A new round of negotiations is under way between US and UK officials as they attempt to thrash out a trade deal.
Both sides have made public a keenness to agree a deal quickly, but there are a few issues which could pose some serious problems for Boris Johnson and his team – both politically and economically.
DIGITAL SERVICES TAX (DST):
The UK’s DST came into operation on 1 April. It is a 2% tax on the revenues derived from UK users of social media platforms, search engines and online marketplaces and applies to revenue earned from that date.
US officials have launched an investigation on the grounds it will unfairly penalise companies like Google and Amazon.
Treasury secretary Steve Mnuchin has previously threatened to retaliate against a digital services tax by slapping a 2% levy on UK car exports.
“Just arbitrarily put taxes on our digital companies, we’ll consider arbitrarily putting taxes on car companies,” he said.
The Trump administration managed to delay a similar policy in France by warning it would put tariffs worth billions of dollars on French products.
“When you’re dealing in trade, everything is on the table,” Donald Trump said when asked if the NHS would be part of any negotiations. The president may have backtracked on that answer, made in the final days of Theresa May’s premiership, however, it is believed he will demand the NHS pays higher prices for US drugs.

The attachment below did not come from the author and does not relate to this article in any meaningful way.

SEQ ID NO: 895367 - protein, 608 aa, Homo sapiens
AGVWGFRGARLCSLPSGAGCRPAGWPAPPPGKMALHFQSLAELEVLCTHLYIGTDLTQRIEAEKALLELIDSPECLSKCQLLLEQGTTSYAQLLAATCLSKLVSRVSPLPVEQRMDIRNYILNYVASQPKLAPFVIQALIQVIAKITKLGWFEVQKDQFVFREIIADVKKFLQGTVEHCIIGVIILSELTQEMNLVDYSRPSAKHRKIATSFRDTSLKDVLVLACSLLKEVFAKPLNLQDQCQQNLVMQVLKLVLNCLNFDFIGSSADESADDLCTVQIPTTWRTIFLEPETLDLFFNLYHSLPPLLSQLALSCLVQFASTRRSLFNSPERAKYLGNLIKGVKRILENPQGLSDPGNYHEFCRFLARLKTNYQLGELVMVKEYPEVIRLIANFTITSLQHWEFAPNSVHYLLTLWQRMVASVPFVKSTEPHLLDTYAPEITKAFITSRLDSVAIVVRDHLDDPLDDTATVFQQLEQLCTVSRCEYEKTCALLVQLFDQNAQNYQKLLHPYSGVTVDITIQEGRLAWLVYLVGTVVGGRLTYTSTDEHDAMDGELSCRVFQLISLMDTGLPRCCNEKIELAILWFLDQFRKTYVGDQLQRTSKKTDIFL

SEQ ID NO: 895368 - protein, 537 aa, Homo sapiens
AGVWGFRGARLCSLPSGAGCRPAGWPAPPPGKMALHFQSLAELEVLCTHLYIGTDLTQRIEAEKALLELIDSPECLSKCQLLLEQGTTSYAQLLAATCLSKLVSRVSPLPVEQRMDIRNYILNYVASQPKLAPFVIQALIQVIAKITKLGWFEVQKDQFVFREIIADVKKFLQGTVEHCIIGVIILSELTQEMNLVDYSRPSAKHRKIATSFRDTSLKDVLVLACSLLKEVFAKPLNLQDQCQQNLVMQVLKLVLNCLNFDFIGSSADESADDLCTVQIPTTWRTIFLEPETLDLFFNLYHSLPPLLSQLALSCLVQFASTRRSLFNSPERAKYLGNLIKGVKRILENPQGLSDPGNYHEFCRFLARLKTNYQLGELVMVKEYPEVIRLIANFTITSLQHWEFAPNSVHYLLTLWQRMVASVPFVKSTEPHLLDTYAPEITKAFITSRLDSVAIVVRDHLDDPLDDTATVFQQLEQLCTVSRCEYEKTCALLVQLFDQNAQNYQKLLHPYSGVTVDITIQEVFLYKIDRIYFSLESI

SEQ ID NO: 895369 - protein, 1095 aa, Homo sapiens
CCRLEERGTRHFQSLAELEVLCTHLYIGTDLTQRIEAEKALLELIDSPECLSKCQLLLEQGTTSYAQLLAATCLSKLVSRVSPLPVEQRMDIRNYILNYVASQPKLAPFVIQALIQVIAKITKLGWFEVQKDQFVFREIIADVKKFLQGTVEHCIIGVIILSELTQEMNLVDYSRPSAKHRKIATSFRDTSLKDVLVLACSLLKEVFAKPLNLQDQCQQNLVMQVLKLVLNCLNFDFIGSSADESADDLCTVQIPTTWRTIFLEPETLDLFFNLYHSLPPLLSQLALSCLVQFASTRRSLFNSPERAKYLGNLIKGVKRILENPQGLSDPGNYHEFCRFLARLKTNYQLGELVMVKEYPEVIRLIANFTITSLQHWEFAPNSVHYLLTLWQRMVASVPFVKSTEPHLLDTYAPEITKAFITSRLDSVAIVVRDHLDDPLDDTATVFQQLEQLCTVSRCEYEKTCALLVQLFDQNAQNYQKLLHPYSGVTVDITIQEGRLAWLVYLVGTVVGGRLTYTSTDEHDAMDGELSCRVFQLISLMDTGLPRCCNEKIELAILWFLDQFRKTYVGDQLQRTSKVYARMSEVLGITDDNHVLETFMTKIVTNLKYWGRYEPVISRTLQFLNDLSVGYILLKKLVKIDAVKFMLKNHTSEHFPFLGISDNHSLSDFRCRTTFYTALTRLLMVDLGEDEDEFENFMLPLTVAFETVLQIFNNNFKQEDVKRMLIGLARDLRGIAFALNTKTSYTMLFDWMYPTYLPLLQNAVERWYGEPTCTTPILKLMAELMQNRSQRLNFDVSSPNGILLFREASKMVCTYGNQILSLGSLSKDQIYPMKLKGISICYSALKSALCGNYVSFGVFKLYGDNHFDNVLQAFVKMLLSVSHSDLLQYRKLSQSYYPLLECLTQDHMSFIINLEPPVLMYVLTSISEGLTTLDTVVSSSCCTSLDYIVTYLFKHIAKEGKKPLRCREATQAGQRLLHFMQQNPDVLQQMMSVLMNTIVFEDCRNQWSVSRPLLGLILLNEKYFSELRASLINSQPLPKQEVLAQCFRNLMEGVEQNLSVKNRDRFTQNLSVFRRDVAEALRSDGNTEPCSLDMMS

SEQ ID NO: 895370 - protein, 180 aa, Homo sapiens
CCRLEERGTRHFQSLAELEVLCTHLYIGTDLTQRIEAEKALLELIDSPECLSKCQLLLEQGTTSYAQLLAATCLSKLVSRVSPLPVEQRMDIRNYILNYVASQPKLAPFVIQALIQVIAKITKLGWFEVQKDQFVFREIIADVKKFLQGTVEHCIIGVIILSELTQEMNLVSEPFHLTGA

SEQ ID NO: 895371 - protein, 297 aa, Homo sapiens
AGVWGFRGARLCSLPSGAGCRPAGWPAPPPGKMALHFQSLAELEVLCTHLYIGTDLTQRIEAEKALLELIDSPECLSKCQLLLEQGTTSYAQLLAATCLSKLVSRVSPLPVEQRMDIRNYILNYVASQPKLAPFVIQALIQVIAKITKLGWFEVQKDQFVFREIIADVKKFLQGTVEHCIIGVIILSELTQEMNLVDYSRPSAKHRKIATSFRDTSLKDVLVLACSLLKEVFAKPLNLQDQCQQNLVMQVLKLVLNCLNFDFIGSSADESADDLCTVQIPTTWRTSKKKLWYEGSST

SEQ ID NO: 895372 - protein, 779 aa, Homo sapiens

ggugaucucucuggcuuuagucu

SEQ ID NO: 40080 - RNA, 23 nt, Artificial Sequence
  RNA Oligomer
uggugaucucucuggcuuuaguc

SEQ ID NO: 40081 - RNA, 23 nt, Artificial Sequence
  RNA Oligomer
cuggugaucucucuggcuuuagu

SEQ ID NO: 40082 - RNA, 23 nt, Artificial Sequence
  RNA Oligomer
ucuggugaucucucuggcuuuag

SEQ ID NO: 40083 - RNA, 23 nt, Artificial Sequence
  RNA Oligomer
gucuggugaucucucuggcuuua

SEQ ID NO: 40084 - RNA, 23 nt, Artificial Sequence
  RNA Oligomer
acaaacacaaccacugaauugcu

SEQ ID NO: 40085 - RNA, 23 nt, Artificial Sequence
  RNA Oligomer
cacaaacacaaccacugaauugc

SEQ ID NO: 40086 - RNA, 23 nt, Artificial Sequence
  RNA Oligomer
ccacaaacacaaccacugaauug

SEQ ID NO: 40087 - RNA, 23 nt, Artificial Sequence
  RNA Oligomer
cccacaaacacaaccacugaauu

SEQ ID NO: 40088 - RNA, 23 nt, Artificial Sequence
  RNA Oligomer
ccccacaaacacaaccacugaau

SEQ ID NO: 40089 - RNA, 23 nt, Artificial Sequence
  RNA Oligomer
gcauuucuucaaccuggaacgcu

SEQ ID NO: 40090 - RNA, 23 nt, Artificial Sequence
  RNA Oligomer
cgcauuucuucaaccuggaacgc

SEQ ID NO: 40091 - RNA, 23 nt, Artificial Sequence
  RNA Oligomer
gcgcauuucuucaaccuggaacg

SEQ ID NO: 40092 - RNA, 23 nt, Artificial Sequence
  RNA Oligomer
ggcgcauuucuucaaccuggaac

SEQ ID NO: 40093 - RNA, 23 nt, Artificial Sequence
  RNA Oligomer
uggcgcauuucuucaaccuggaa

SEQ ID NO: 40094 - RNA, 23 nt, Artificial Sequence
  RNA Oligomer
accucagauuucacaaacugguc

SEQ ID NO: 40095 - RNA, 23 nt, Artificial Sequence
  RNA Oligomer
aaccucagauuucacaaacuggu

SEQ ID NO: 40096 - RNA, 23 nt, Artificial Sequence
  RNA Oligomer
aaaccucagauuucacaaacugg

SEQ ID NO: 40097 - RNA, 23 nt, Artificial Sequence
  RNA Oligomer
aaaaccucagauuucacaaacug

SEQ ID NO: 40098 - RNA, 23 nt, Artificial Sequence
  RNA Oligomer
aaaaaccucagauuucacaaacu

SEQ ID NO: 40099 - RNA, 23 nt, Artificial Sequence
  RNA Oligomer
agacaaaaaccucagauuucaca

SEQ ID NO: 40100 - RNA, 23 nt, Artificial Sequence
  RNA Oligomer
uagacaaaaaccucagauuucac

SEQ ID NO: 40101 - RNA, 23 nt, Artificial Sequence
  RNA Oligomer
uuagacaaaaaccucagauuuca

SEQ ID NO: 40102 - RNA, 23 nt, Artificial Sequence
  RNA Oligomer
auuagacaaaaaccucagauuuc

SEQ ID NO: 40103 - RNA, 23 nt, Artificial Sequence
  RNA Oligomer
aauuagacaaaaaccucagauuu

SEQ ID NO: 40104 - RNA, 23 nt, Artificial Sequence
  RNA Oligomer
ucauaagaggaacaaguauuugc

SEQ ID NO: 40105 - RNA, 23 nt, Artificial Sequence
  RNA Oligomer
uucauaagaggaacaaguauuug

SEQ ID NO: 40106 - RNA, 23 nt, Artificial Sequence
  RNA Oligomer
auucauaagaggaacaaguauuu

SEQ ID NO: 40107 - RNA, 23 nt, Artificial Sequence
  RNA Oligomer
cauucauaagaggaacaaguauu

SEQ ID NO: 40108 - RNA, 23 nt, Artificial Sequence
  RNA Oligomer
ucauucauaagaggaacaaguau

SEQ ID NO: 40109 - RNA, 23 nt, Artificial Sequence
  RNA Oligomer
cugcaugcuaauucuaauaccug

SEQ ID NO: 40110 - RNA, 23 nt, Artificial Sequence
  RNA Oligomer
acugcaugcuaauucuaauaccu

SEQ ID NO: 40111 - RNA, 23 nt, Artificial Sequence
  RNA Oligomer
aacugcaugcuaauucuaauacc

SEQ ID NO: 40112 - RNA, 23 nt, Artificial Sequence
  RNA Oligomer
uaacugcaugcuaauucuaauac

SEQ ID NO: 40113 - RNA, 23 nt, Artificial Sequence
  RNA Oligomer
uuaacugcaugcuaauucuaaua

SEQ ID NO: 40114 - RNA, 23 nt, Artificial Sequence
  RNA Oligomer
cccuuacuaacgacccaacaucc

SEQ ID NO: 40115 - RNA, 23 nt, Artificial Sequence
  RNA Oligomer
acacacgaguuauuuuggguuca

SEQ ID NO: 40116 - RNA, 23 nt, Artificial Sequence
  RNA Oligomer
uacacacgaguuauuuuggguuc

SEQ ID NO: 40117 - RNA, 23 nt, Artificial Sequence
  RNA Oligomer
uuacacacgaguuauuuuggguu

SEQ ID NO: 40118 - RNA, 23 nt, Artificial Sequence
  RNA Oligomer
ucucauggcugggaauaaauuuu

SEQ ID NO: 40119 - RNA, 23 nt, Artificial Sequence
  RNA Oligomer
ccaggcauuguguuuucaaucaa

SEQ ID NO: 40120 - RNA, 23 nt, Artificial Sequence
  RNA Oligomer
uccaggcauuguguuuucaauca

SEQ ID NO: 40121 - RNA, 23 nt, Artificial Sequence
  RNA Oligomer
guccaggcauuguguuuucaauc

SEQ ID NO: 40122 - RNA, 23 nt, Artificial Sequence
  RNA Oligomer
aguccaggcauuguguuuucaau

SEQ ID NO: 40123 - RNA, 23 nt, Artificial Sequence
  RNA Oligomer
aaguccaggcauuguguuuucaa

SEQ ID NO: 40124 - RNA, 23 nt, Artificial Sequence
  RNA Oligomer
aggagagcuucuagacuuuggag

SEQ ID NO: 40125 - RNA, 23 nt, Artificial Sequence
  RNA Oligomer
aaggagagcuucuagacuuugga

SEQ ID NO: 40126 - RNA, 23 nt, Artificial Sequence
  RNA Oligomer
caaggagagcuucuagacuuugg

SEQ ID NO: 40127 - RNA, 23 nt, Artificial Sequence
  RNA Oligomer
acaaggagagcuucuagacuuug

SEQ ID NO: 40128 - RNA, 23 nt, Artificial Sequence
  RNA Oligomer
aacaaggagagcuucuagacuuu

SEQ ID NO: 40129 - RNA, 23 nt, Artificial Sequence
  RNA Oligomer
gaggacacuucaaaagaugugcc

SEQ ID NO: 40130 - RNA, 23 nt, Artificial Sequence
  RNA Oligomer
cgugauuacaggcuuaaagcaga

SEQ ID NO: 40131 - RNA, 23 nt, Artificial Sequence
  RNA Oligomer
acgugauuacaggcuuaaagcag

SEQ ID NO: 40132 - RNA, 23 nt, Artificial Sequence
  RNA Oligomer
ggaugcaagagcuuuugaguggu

In an interview with The Guardian, then-outgoing British ambassador to Washington Kim Darroch warned Mr Trump would reward his backers in drug firms by opening up British markets.
There is growing concern the government has changed its stance on animal welfare and food safety in order to strike a trade deal.
In his election manifesto, Boris Johnson promised the UK would “not compromise on our high environmental protection, animal welfare and food standards”.
But recent attempts by MPs to insert a permanent ban into legislation have failed, and ministers are understood to be considering proposals to allow products such as chlorine-washed chicken and hormone-fed beef to go on sale in the UK.
While the US insists these processes are perfectly safe, there remain fears over health issues as well as concerns over animal welfare and undercutting UK producers.
The US will push back aggressively against anything that will stop its companies doing business here.
The UK has plans to be carbon neutral by 2050, however America has little in the way of targets or policy on climate.
And according to some reports, the Mr Trump’s administration has banned any mention of the climate crisis in trade talks.
In previous talks on the stalled Transatlantic Trade and Investment Partnership between the US and the EU, America wanted any deal to prevent initiatives that would favour renewables over fossil fuels.
And the government’s fracking ban could also be under threat from US companies who want to operate here.